"Information available on anesthesia adverse outcomes suggests neonates are at higher risk than are older infants and, in turn, older infants are at greater risk than pediatric patients older than 2 years of age.21-28 The following age categories are recommended: 0 to 1 month, 1 to 6 months, 6 months to 2 years, and older than 2 years. Because of the anatomic, physiologic, and psychological differences between children and adults, additional differentiation of pediatric age groups for patients older than 2 years is recommended."
(GO TO:http://www.aap.org/policy/re9820.html )

"Although the relative increment with sevoflurane vs. other volatile anesthetics remains unclear, emergence delirium has "emerged" as a real clinical problem. Although it can be found with adult patients, it is particularly problematic in children."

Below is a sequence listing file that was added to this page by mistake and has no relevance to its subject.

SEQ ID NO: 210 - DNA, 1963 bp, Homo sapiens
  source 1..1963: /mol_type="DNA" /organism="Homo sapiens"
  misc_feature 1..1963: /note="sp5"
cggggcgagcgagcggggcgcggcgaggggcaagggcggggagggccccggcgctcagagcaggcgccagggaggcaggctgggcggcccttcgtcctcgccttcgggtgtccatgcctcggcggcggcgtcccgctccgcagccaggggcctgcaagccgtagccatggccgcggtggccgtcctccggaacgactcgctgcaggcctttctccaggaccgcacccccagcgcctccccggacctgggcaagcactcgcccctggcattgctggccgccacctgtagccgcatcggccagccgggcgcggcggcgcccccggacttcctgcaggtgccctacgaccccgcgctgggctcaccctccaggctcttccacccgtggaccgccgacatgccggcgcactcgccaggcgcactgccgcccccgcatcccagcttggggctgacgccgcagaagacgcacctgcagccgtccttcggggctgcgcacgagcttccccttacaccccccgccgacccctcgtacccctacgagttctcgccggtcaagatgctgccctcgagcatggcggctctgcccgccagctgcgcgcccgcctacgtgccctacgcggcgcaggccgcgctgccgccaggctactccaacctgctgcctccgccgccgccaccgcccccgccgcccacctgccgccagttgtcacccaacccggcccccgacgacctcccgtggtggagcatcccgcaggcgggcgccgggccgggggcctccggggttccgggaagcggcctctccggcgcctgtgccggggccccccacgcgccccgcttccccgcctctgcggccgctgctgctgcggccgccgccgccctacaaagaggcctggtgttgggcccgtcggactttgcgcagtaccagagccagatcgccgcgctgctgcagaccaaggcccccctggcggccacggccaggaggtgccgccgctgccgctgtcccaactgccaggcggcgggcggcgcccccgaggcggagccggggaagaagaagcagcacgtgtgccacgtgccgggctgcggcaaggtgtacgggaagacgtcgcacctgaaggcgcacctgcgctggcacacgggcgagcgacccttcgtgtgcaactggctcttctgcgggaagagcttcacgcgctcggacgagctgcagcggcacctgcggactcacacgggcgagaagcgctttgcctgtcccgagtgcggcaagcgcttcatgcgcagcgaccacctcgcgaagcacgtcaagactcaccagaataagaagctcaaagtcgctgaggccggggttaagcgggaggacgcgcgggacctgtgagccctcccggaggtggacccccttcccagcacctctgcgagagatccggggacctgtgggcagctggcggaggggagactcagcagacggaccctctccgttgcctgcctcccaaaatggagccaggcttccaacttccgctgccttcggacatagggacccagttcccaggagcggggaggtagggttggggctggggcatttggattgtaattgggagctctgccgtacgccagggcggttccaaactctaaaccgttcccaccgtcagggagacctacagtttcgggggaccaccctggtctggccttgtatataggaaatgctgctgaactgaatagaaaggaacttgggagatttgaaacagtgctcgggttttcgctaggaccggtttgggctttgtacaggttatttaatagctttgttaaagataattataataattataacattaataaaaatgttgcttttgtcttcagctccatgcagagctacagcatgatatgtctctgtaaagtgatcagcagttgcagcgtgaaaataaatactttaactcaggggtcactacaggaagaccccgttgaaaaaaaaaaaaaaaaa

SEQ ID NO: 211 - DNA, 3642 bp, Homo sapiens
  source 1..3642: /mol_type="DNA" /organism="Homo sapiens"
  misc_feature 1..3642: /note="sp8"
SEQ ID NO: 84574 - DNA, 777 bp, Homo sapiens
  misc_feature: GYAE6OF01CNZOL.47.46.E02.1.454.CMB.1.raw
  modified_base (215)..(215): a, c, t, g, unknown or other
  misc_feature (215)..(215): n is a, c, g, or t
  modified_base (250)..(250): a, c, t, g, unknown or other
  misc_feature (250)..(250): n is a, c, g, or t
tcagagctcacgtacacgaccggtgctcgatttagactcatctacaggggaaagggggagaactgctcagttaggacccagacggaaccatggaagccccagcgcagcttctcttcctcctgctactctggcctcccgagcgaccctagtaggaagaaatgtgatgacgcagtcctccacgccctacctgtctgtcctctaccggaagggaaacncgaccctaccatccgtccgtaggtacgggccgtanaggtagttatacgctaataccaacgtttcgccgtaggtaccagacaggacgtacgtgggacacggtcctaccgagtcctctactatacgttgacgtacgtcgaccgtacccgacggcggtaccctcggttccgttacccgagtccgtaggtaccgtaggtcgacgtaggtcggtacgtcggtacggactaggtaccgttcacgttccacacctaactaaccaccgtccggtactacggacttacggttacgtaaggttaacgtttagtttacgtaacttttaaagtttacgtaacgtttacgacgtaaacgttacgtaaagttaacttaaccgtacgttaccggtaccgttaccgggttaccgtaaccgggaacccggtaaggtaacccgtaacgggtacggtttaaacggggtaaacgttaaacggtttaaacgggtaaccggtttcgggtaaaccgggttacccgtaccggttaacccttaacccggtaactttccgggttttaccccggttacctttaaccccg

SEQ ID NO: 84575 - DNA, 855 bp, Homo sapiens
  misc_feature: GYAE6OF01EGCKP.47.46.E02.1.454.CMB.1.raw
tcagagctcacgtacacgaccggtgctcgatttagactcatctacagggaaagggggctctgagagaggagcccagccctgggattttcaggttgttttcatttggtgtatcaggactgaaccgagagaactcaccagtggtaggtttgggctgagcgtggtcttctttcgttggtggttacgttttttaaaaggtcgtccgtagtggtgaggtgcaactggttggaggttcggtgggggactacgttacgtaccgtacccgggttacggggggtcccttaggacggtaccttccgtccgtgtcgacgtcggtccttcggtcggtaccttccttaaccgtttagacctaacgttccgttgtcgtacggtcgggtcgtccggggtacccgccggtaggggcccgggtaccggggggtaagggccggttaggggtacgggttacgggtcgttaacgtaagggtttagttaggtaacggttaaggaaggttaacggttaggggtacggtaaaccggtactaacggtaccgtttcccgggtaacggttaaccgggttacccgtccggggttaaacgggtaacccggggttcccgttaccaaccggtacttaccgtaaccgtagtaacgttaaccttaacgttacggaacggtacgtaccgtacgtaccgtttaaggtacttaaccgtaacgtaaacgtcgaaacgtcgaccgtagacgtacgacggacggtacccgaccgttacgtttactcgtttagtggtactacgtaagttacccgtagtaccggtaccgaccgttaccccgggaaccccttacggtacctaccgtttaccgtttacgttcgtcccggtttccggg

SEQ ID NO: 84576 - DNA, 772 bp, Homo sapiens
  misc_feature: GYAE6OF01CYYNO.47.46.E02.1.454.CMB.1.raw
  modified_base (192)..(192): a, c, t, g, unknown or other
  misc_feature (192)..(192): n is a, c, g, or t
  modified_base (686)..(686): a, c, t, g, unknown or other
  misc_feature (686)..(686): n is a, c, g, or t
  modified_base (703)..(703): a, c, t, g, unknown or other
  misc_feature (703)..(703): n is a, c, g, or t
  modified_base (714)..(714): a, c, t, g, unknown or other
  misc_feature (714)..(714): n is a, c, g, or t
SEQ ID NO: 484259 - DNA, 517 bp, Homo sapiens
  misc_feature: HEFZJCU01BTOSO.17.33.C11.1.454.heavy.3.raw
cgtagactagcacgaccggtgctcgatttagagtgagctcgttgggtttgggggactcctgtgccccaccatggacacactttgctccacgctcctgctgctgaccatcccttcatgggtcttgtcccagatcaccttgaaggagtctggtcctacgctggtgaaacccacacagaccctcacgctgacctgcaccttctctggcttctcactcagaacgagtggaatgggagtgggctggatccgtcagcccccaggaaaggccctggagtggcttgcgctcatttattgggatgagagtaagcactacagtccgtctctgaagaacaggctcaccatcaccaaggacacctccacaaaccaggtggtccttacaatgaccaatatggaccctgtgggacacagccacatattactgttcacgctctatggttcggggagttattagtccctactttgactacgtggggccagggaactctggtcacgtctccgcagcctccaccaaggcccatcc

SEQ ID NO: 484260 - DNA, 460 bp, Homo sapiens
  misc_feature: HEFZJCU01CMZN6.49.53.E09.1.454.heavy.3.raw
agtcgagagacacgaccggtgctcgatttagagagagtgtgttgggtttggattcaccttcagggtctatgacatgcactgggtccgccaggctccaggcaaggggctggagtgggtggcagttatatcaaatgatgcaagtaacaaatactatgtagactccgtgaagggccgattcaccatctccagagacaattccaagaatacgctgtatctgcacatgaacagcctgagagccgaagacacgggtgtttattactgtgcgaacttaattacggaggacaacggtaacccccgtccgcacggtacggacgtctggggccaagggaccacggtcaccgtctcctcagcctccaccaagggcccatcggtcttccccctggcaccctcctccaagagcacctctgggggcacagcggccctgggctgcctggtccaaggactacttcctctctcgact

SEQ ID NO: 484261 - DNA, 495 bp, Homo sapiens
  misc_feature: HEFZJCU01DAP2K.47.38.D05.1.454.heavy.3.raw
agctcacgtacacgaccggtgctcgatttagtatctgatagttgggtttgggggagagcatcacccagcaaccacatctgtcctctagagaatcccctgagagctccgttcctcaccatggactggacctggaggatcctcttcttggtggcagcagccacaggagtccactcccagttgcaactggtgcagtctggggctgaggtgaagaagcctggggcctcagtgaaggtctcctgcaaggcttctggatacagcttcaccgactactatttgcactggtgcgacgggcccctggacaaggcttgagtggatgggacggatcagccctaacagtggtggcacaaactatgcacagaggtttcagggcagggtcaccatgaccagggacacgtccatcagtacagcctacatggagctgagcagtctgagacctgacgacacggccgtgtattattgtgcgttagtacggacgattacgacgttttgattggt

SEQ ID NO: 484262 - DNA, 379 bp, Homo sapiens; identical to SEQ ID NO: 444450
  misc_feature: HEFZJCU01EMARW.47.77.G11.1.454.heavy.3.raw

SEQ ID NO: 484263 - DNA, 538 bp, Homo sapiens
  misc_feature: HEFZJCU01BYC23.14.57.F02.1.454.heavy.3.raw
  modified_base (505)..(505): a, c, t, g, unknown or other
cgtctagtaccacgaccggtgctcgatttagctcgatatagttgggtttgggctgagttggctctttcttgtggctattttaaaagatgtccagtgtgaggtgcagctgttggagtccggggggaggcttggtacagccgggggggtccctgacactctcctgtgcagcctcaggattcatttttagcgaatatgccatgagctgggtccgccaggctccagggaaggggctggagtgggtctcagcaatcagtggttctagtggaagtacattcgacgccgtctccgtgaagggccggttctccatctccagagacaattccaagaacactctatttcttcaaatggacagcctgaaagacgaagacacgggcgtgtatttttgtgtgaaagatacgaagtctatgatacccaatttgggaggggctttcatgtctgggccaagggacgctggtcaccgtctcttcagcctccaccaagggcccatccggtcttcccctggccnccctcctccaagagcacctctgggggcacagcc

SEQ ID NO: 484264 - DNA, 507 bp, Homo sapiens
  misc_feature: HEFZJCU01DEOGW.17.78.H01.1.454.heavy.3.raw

(GO TO:http://gasnet.med.yale.edu/sa/2001/03/05.php )

Is your son's mole potentially dangerous?
My daughter has a hernia in her bellybutton since she was born, it looks like it might be a bit smaller, but if it doesn't shrink then she'll need an operation to fix it. Some doctors wait till they're 2 years old to fix it, some 3, some 4. It can cause problems but rarely does. I think we're going to wait on it.
Different doctors confict, its always good to get a second opinion, or third. Especially if what your doctor says is questionable. I'll see if i can find anymore info for you too.

And thanks LiamnEmma, I hope the cysts disappear too!
Maybe she'll tell them to get out of there!
It is awful to watch, being able to do nothing,but the best we can do is be strong, hope they understand, and be there for them,eh?
post #15 of 17

2 doctors have told us that the mole has a 3% chance of becoming fatal melanoma.

We do plan to get a second opinion about anesthesia and the different types of surgery if possible -- looking into it.